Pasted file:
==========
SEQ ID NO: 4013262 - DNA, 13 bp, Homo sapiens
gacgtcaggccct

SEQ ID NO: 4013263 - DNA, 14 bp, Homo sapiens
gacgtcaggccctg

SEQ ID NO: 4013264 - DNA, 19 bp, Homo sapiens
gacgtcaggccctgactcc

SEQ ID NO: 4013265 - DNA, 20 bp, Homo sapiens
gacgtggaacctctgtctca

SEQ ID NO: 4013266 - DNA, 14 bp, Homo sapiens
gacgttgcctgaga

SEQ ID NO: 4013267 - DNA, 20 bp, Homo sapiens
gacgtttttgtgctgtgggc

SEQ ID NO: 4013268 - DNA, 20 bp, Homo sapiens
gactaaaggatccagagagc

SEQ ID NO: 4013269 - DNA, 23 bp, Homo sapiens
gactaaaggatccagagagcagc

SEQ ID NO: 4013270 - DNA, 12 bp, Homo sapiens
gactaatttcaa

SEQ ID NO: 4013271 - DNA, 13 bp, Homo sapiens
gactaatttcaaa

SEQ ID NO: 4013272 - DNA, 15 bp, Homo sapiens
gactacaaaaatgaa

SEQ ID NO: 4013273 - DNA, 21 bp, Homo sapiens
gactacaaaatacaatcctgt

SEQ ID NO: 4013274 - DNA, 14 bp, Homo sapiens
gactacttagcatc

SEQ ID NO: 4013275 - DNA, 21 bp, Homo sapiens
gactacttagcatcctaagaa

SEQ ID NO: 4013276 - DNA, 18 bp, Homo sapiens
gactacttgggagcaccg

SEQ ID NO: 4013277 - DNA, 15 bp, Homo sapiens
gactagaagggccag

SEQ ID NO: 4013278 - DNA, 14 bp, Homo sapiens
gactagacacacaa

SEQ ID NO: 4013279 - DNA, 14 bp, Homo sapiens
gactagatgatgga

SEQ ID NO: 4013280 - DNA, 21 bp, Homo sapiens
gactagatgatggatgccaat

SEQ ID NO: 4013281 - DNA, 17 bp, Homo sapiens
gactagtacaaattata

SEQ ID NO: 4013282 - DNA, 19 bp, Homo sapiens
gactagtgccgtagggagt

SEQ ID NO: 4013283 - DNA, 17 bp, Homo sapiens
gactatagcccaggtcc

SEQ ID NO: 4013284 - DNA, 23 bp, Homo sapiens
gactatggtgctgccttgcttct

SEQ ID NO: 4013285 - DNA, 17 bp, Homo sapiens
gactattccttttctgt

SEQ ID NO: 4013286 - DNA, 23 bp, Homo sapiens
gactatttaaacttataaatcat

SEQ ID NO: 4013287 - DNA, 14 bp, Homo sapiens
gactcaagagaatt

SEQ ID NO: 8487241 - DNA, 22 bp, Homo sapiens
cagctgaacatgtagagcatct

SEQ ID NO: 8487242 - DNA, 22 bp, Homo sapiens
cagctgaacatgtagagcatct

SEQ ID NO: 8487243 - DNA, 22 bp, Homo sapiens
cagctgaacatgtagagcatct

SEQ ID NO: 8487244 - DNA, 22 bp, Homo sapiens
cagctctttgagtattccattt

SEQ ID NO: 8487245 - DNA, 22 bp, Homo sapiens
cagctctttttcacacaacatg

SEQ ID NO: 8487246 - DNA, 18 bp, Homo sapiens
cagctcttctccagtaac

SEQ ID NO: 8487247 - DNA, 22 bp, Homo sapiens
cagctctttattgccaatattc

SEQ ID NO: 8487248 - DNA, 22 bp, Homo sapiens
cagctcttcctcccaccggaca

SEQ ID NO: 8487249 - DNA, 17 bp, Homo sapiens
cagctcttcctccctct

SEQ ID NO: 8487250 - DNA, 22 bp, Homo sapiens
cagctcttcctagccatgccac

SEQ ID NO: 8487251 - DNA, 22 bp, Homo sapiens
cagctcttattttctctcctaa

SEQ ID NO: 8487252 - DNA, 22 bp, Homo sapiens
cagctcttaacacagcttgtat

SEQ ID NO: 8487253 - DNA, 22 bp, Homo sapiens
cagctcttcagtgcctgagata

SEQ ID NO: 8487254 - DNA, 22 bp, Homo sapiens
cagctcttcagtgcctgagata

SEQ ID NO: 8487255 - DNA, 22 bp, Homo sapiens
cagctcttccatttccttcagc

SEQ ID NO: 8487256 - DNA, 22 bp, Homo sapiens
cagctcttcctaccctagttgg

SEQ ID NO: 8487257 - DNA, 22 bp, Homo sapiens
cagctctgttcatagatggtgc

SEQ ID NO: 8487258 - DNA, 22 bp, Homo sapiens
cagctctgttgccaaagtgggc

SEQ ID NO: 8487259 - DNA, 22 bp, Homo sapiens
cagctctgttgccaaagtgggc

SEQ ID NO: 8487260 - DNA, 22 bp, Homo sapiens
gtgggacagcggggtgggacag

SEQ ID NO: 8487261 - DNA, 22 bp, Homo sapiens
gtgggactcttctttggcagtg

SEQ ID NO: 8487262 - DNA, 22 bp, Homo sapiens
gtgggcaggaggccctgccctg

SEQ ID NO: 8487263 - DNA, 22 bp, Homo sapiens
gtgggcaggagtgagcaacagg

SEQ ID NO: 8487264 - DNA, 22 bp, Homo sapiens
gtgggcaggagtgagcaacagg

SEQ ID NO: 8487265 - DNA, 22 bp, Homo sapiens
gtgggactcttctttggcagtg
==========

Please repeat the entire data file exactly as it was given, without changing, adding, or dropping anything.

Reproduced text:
SEQ ID NO: 4013262 - DNA, 13 bp, Homo sapiens
gacgtcaggccct

SEQ ID NO: 4013263 - DNA, 14 bp, Homo sapiens
gacgtcaggccctg

SEQ ID NO: 4013264 - DNA, 19 bp, Homo sapiens
gacgtcaggccctgactcc

SEQ ID NO: 4013265 - DNA, 20 bp, Homo sapiens
gacgtggaacctctgtctca

SEQ ID NO: 4013266 - DNA, 14 bp, Homo sapiens
gacgttgcctgaga

SEQ ID NO: 4013267 - DNA, 20 bp, Homo sapiens
gacgtttttgtgctgtgggc

SEQ ID NO: 4013268 - DNA, 20 bp, Homo sapiens
gactaaaggatccagagagc

SEQ ID NO: 4013269 - DNA, 23 bp, Homo sapiens
gactaaaggatccagagagcagc

SEQ ID NO: 4013270 - DNA, 12 bp, Homo sapiens
gactaatttcaa

SEQ ID NO: 4013271 - DNA, 13 bp, Homo sapiens
gactaatttcaaa

SEQ ID NO: 4013272 - DNA, 15 bp, Homo sapiens
gactacaaaaatgaa

SEQ ID NO: 4013273 - DNA, 21 bp, Homo sapiens
gactacaaaatacaatcctgt

SEQ ID NO: 4013274 - DNA, 14 bp, Homo sapiens
gactacttagcatc

SEQ ID NO: 4013275 - DNA, 21 bp, Homo sapiens
gactacttagcatcctaagaa

SEQ ID NO: 4013276 - DNA, 18 bp, Homo sapiens
gactacttgggagcaccg

SEQ ID NO: 4013277 - DNA, 15 bp, Homo sapiens
gactagaagggccag

SEQ ID NO: 4013278 - DNA, 14 bp, Homo sapiens
gactagacacacaa

SEQ ID NO: 4013279 - DNA, 14 bp, Homo sapiens
gactagatgatgga

SEQ ID NO: 4013280 - DNA, 21 bp, Homo sapiens
gactagatgatggatgccaat

SEQ ID NO: 4013281 - DNA, 17 bp, Homo sapiens
gactagtacaaattata

SEQ ID NO: 4013282 - DNA, 19 bp, Homo sapiens
gactagtgccgtagggagt

SEQ ID NO: 4013283 - DNA, 17 bp, Homo sapiens
gactatagcccaggtcc

SEQ ID NO: 4013284 - DNA, 23 bp, Homo sapiens
gactatggtgctgccttgcttct

SEQ ID NO: 4013285 - DNA, 17 bp, Homo sapiens
gactattccttttctgt

SEQ ID NO: 4013286 - DNA, 23 bp, Homo sapiens
gactatttaaacttataaatcat

SEQ ID NO: 4013287 - DNA, 14 bp, Homo sapiens
gactcaagagaatt

SEQ ID NO: 8487241 - DNA, 22 bp, Homo sapiens
cagctgaacatgtagagcatct

SEQ ID NO: 8487242 - DNA, 22 bp, Homo sapiens
cagctgaacatgtagagcatct

SEQ ID NO: 8487243 - DNA, 22 bp, Homo sapiens
cagctgaacatgtagagcatct

SEQ ID NO: 8487244 - DNA, 22 bp, Homo sapiens
cagctctttgagtattccattt

SEQ ID NO: 8487245 - DNA, 22 bp, Homo sapiens
cagctctttttcacacaacatg

SEQ ID NO: 8487246 - DNA, 18 bp, Homo sapiens
cagctcttctccagtaac

SEQ ID NO: 8487247 - DNA, 22 bp, Homo sapiens
cagctctttattgccaatattc

SEQ ID NO: 8487248 - DNA, 22 bp, Homo sapiens
cagctcttcctcccaccggaca

SEQ ID NO: 8487249 - DNA, 17 bp, Homo sapiens
cagctcttcctccctct

SEQ ID NO: 8487250 - DNA, 22 bp, Homo sapiens
cagctcttcctagccatgccac

SEQ ID NO: 8487251 - DNA, 22 bp, Homo sapiens
cagctcttattttctctcctaa

SEQ ID NO: 8487252 - DNA, 22 bp, Homo sapiens
cagctcttaacacagcttgtat

SEQ ID NO: 8487253 - DNA, 22 bp, Homo sapiens
cagctcttcagtgcctgagata

SEQ ID NO: 8487254 - DNA, 22 bp, Homo sapiens
cagctcttcagtgcctgagata

SEQ ID NO: 8487255 - DNA, 22 bp, Homo sapiens
cagctcttccatttccttcagc

SEQ ID NO: 8487256 - DNA, 22 bp, Homo sapiens
cagctcttcctaccctagttgg

SEQ ID NO: 8487257 - DNA, 22 bp, Homo sapiens
cagctctgttcatagatggtgc

SEQ ID NO: 8487258 - DNA, 22 bp, Homo sapiens
cagctctgttgccaaagtgggc

SEQ ID NO: 8487259 - DNA, 22 bp, Homo sapiens
cagctctgttgccaaagtgggc

SEQ ID NO: 8487260 - DNA, 22 bp, Homo sapiens
gtgggacagcggggtgggacag

SEQ ID NO: 8487261 - DNA, 22 bp, Homo sapiens
gtgggactcttctttggcagtg

SEQ ID NO: 8487262 - DNA, 22 bp, Homo sapiens
gtgggcaggaggccctgccctg

SEQ ID NO: 8487263 - DNA, 22 bp, Homo sapiens
gtgggcaggagtgagcaacagg

SEQ ID NO: 8487264 - DNA, 22 bp, Homo sapiens
gtgggcaggagtgagcaacagg

SEQ ID NO: 8487265 - DNA, 22 bp, Homo sapiens
gtgggactcttctttggcagtg